That spells big trouble in the Senate, not just on the transportation-tax plan but also on the transportation budget, normally one of the least controversial bills of the year. Suddenly one of the session’s bright ideas – a co-chairmanship of the Senate Transportation Committee in the name of bipartisanship – threatens to descend into statemate. The panel is chaired by members of both parties — Sens. Tracey Eide, D-Federal Way and Curtis King, R-Yakima – and each has veto power over the other.
Some sort of allocation for planning money is required to keep the project going, and the Senate version of the budget provides $82 million for bridge planning. The hitch is that Benton says he has the votes to push through an amendment that would force a redesign to eliminate light rail. Eide prefers a softer amendment that would essentially allow the Coast Guard to decide – it is expected to complete a review of revised plans in September. Both are sticking to their guns and the dispute has prevented the committee from taking a vote on its budget for a full week. King, a skeptic of the CRC plans, says he thinks a budget can be passed in the Senate, but there’s no telling whether it will be anything the House will be able to accept.
Governor Stakes His Rep
Gov. Inslee has been doing his best – or at least something – to try to break the logjam. He is firmly on the side of the current plan. It stands to reason: Bridge construction means 1,700 jobs, albeit temporary ones, at union rates. Relocation construction might mean even more, but he says a big redesign that pegs the bridge even higher would more than double the cost of the project. “It is now or never for building a bridge across the Columbia River,” he said at a news conference last week. “We either take action this year or there will not be action for more than a decade across the Columbia River.”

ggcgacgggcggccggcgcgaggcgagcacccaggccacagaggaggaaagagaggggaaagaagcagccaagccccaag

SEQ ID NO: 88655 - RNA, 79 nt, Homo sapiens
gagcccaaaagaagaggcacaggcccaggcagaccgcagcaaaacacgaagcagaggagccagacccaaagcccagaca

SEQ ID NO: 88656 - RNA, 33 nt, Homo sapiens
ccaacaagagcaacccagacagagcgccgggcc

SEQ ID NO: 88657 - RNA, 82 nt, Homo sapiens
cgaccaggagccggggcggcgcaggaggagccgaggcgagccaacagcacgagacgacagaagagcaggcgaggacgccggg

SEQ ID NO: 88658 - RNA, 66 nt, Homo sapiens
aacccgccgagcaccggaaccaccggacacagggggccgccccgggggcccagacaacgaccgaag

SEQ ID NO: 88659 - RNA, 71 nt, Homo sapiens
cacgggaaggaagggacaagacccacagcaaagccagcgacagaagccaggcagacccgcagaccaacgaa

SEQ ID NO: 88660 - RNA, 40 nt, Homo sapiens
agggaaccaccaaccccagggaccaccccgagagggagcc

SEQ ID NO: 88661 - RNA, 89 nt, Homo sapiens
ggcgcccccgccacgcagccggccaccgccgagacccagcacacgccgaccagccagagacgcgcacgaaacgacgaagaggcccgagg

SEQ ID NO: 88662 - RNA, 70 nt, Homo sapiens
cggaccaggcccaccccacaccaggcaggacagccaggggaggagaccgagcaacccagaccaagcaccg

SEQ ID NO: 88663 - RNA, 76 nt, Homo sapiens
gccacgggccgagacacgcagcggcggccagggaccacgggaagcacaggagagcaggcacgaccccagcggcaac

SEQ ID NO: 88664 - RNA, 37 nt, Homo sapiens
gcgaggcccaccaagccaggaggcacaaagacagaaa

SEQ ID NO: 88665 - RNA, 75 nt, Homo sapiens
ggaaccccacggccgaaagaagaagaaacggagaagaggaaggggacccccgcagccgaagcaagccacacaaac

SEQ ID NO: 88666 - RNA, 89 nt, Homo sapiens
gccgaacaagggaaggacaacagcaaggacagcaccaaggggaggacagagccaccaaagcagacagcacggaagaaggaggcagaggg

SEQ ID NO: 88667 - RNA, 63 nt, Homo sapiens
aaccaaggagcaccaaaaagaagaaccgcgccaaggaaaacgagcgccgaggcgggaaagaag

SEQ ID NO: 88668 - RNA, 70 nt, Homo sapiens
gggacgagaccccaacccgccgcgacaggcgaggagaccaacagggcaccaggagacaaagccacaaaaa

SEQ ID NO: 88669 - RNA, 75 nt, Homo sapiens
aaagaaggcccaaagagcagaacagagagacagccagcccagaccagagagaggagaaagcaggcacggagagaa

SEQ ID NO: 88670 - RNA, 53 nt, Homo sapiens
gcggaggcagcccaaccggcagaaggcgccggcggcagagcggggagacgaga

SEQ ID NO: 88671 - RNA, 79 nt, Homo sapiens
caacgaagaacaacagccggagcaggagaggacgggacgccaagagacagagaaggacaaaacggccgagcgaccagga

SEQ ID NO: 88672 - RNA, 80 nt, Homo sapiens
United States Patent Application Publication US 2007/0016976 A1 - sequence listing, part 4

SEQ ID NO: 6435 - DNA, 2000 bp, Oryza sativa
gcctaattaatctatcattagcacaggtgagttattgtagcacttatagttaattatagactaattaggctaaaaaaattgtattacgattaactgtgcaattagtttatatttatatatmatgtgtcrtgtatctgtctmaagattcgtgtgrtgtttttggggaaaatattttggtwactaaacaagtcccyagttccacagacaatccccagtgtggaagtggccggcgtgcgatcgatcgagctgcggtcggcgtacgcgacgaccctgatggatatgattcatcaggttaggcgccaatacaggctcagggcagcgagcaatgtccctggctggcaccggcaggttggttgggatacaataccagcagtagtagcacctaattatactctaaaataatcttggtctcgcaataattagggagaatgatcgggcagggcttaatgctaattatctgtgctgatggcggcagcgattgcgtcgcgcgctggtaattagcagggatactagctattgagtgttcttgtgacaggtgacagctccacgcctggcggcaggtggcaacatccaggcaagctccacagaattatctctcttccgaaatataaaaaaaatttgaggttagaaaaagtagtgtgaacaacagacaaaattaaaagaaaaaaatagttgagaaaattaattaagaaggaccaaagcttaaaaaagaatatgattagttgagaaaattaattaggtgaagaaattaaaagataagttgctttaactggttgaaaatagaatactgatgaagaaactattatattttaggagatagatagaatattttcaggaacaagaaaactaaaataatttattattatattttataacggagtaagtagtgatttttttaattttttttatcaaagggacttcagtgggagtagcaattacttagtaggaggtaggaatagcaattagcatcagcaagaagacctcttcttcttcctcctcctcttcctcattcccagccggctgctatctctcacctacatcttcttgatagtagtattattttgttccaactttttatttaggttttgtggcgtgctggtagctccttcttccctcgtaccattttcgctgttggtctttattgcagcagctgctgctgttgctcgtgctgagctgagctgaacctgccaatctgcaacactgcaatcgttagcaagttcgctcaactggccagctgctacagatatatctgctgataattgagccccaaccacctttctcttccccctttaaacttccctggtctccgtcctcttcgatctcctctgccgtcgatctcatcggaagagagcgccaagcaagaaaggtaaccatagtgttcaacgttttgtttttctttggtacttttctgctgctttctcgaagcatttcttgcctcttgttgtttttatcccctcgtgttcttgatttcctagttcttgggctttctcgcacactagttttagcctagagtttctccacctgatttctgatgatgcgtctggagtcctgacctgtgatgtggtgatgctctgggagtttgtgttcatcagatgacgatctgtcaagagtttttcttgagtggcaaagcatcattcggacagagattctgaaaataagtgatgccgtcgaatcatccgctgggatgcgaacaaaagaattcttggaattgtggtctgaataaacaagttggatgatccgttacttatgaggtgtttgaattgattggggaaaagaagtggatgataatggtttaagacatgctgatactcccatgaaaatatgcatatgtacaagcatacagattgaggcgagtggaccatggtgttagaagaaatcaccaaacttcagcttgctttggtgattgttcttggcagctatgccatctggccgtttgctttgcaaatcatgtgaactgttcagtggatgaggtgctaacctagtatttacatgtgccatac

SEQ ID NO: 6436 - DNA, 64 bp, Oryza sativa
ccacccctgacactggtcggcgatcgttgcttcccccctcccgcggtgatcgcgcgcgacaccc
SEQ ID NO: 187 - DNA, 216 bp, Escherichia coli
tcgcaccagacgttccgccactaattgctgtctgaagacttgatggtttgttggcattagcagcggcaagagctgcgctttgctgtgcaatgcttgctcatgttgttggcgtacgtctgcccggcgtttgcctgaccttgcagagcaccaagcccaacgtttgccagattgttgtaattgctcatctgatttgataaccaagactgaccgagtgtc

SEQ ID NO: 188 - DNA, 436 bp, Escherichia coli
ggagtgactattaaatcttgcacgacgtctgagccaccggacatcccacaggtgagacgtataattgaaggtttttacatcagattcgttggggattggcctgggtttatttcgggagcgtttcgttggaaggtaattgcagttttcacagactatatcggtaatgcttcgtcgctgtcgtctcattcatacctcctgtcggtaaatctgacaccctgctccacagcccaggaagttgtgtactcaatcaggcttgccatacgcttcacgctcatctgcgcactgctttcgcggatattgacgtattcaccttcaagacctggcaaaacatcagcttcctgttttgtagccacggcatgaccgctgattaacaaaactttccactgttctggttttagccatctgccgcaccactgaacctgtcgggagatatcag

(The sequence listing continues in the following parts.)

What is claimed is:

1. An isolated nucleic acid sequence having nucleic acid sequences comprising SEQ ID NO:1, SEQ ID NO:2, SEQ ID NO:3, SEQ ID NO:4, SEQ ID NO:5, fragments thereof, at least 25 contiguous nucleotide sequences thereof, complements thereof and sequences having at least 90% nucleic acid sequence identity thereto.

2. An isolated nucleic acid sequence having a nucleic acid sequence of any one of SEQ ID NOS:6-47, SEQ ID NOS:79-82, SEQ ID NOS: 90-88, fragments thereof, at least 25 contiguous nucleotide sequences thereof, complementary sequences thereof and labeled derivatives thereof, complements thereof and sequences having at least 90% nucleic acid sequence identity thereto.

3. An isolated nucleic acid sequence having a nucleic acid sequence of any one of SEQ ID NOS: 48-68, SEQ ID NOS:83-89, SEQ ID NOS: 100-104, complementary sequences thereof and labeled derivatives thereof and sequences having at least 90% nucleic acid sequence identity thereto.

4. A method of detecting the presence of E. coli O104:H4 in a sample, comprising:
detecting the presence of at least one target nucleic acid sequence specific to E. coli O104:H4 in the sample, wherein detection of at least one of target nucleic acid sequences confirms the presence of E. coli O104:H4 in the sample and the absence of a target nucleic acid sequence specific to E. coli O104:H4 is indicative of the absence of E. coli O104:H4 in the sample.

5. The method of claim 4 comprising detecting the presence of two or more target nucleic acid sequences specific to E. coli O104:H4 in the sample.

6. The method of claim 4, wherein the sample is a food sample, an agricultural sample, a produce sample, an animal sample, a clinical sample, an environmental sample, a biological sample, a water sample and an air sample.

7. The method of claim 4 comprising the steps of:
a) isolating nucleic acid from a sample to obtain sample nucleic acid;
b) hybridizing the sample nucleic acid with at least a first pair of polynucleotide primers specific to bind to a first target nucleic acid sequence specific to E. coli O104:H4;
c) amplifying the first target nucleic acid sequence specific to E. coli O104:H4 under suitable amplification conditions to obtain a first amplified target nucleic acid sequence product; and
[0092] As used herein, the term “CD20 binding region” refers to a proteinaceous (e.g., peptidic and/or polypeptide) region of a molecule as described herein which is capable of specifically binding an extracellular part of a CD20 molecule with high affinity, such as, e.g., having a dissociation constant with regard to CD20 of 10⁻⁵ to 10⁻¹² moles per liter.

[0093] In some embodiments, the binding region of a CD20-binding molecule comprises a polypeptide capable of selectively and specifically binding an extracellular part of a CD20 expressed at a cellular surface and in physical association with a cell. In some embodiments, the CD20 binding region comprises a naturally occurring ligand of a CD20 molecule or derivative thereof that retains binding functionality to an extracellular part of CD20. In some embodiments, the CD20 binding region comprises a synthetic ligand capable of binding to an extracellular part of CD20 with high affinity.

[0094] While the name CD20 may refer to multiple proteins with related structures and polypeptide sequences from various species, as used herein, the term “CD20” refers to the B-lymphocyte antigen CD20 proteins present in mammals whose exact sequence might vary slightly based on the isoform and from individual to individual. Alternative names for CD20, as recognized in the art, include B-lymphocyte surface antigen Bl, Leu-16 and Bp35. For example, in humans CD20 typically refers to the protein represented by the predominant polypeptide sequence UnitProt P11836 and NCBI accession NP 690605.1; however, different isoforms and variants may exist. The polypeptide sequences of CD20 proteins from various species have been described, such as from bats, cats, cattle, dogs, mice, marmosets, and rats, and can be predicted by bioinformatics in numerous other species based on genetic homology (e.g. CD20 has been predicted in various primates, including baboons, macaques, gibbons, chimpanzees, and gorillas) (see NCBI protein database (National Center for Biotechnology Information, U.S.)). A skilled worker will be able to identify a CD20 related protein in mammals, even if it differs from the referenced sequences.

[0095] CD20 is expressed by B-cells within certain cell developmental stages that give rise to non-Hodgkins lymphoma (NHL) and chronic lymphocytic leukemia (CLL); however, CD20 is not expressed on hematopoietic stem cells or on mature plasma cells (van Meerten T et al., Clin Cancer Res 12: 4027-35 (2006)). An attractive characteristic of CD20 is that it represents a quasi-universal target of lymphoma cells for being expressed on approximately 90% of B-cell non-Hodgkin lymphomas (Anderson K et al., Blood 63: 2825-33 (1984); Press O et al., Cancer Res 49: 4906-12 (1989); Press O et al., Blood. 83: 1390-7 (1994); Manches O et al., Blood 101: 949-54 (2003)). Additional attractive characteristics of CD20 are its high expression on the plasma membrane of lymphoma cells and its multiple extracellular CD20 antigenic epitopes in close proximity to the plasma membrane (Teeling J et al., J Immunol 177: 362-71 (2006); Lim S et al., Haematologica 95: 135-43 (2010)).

Over the last week, reporters in the wings of the Senate have noted a flurry of activity on Inslee’s part, including a number of meetings between his staff and Senate leaders over the last week. Last week Inslee brought in LaHood, who held a private meeting with coalition members – and in a rare but accidental case of legislative transparency, a recording of the meeting was briefly posted on YouTube by the coalition. Though it was taken down almost immediately, it was reposted by Senate Democrats. The recording is no longer available for public viewing because the majority coalition claimed copyright Monday.
But Washington State Wire downloaded its own copy during the brief period before the recording was pulled down. That recording demonstrates how political arguments are made when the doors are closed. LaHood, seated with Inslee, warns lawmakers that they might lose the more-than-$1 billion they stand to gain from the feds. Don’t worry about the impact on local business, LaHood tells the assembled Republicans — government can find a way to compensate. “Sometime you’ve got to fish or cut bait. Hey, that’s what you get elected to do. You are elected to make decisions. It is decision time. It is decision time, and if you are offended by it I am sorry.
“We have been at this now for 12 years, we’re at the point where we are ready to put up our part of it, a pretty big chunk of money. …But lookit, now is the hour, this is it, we’ve done everything we possibly can.”
LaHood only managed to make people angry, Benton says. “He came into our caucus like he was strong-arming members of Congress or something,” he says — and this one isn’t going to be settled so easily.